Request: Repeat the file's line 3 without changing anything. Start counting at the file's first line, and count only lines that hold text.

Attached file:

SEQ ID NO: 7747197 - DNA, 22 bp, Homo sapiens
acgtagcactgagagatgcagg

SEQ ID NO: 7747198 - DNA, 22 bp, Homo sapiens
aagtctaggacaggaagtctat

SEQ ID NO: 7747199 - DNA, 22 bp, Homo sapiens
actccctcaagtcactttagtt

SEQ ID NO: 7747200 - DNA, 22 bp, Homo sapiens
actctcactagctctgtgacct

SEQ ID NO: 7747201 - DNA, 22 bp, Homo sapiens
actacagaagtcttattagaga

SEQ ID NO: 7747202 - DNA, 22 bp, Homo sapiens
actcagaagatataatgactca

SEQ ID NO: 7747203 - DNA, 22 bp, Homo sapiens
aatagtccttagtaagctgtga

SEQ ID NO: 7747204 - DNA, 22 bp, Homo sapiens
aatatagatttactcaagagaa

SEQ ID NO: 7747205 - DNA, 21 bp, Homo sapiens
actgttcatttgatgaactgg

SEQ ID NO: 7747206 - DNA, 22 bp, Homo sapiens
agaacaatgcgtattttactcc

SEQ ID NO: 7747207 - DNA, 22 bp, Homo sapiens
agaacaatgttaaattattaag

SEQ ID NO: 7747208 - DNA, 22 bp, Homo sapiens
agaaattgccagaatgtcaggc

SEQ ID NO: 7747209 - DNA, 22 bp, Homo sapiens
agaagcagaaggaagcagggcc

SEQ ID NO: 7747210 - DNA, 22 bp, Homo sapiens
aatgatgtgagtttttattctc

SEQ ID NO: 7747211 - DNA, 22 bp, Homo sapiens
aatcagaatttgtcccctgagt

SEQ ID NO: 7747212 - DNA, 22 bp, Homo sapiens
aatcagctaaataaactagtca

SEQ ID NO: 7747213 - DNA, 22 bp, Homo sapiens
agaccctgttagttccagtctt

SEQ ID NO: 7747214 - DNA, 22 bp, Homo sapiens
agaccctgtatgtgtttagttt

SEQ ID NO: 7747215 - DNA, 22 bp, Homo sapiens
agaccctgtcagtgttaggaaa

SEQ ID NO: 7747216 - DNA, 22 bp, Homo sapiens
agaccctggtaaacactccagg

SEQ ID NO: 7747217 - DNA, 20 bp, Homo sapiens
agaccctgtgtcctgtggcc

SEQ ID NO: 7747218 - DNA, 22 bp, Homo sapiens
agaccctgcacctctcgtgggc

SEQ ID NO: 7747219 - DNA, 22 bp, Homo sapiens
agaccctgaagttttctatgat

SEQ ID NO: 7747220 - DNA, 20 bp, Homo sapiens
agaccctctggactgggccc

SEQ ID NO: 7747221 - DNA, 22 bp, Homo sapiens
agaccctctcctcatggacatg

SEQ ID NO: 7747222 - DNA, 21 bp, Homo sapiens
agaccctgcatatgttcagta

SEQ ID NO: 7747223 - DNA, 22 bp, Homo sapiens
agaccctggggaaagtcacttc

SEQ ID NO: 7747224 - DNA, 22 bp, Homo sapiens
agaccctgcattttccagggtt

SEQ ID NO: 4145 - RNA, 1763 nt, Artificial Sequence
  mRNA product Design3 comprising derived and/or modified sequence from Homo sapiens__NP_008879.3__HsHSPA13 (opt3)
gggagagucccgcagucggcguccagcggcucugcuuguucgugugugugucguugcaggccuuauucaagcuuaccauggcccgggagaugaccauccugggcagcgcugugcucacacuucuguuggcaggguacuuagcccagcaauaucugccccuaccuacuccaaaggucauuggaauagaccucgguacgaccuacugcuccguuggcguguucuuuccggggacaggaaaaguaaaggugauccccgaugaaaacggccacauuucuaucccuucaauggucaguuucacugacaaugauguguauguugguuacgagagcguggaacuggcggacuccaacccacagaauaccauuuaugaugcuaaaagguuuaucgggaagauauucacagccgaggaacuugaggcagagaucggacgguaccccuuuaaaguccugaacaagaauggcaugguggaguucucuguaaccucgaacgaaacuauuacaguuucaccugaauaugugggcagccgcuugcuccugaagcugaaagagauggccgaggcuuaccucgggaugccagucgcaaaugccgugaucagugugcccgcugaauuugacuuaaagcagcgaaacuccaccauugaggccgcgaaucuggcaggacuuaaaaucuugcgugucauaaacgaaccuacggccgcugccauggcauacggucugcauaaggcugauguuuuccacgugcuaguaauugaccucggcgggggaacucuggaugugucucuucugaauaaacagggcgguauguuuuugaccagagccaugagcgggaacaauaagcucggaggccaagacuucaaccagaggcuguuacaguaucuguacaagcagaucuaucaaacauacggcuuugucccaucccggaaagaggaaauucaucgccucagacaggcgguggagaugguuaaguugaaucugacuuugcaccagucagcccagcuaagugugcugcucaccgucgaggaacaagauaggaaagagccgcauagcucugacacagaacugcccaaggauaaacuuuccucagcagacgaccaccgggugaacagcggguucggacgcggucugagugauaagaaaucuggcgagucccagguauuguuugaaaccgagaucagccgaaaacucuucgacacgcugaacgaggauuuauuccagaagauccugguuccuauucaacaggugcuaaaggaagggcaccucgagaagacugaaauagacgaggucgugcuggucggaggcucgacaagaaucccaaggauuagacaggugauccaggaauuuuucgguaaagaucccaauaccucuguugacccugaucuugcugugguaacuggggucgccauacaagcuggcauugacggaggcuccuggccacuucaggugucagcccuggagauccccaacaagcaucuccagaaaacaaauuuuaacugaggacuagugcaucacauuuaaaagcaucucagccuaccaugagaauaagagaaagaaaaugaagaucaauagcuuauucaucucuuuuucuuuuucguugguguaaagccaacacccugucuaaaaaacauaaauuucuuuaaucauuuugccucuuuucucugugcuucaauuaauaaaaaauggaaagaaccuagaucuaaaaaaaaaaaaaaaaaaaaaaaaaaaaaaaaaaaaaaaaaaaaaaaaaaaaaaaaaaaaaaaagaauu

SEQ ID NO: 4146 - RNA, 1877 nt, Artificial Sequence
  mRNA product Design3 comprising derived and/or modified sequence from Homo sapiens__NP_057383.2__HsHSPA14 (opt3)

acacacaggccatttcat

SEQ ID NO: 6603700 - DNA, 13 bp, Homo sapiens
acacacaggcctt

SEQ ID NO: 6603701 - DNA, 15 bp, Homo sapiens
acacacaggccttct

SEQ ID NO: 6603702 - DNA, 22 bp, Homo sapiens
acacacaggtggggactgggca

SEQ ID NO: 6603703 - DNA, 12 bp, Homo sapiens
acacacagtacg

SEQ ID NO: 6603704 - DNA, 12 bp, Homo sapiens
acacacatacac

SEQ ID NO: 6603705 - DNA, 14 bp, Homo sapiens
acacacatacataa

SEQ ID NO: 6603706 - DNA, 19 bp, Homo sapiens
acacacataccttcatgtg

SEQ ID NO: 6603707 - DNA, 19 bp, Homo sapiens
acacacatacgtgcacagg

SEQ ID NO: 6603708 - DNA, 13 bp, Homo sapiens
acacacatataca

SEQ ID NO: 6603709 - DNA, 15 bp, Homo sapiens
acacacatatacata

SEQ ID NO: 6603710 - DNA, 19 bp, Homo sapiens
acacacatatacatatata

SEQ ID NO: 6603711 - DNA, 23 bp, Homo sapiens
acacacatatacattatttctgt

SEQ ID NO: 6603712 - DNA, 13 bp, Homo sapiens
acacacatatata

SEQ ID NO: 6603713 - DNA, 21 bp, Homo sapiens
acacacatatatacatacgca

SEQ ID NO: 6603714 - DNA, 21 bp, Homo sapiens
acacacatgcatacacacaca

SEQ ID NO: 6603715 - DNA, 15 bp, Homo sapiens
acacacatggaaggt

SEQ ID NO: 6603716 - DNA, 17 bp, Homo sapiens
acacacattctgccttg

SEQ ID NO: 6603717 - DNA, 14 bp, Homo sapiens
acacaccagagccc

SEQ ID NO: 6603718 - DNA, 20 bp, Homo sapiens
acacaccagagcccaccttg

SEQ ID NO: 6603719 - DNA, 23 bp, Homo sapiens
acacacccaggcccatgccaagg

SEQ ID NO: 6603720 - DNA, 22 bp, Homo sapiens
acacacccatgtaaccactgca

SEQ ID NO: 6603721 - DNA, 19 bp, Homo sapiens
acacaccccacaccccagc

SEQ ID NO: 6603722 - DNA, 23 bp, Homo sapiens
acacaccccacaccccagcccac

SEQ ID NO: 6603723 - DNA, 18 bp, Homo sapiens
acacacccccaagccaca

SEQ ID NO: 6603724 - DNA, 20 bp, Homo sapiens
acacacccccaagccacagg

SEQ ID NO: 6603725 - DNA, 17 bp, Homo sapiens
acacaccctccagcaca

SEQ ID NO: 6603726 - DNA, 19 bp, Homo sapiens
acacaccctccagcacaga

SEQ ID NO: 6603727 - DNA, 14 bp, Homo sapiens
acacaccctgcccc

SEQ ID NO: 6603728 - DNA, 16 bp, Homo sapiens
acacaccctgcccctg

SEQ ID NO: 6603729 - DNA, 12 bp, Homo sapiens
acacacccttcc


SEQ ID NO: 7747198 - DNA, 22 bp, Homo sapiens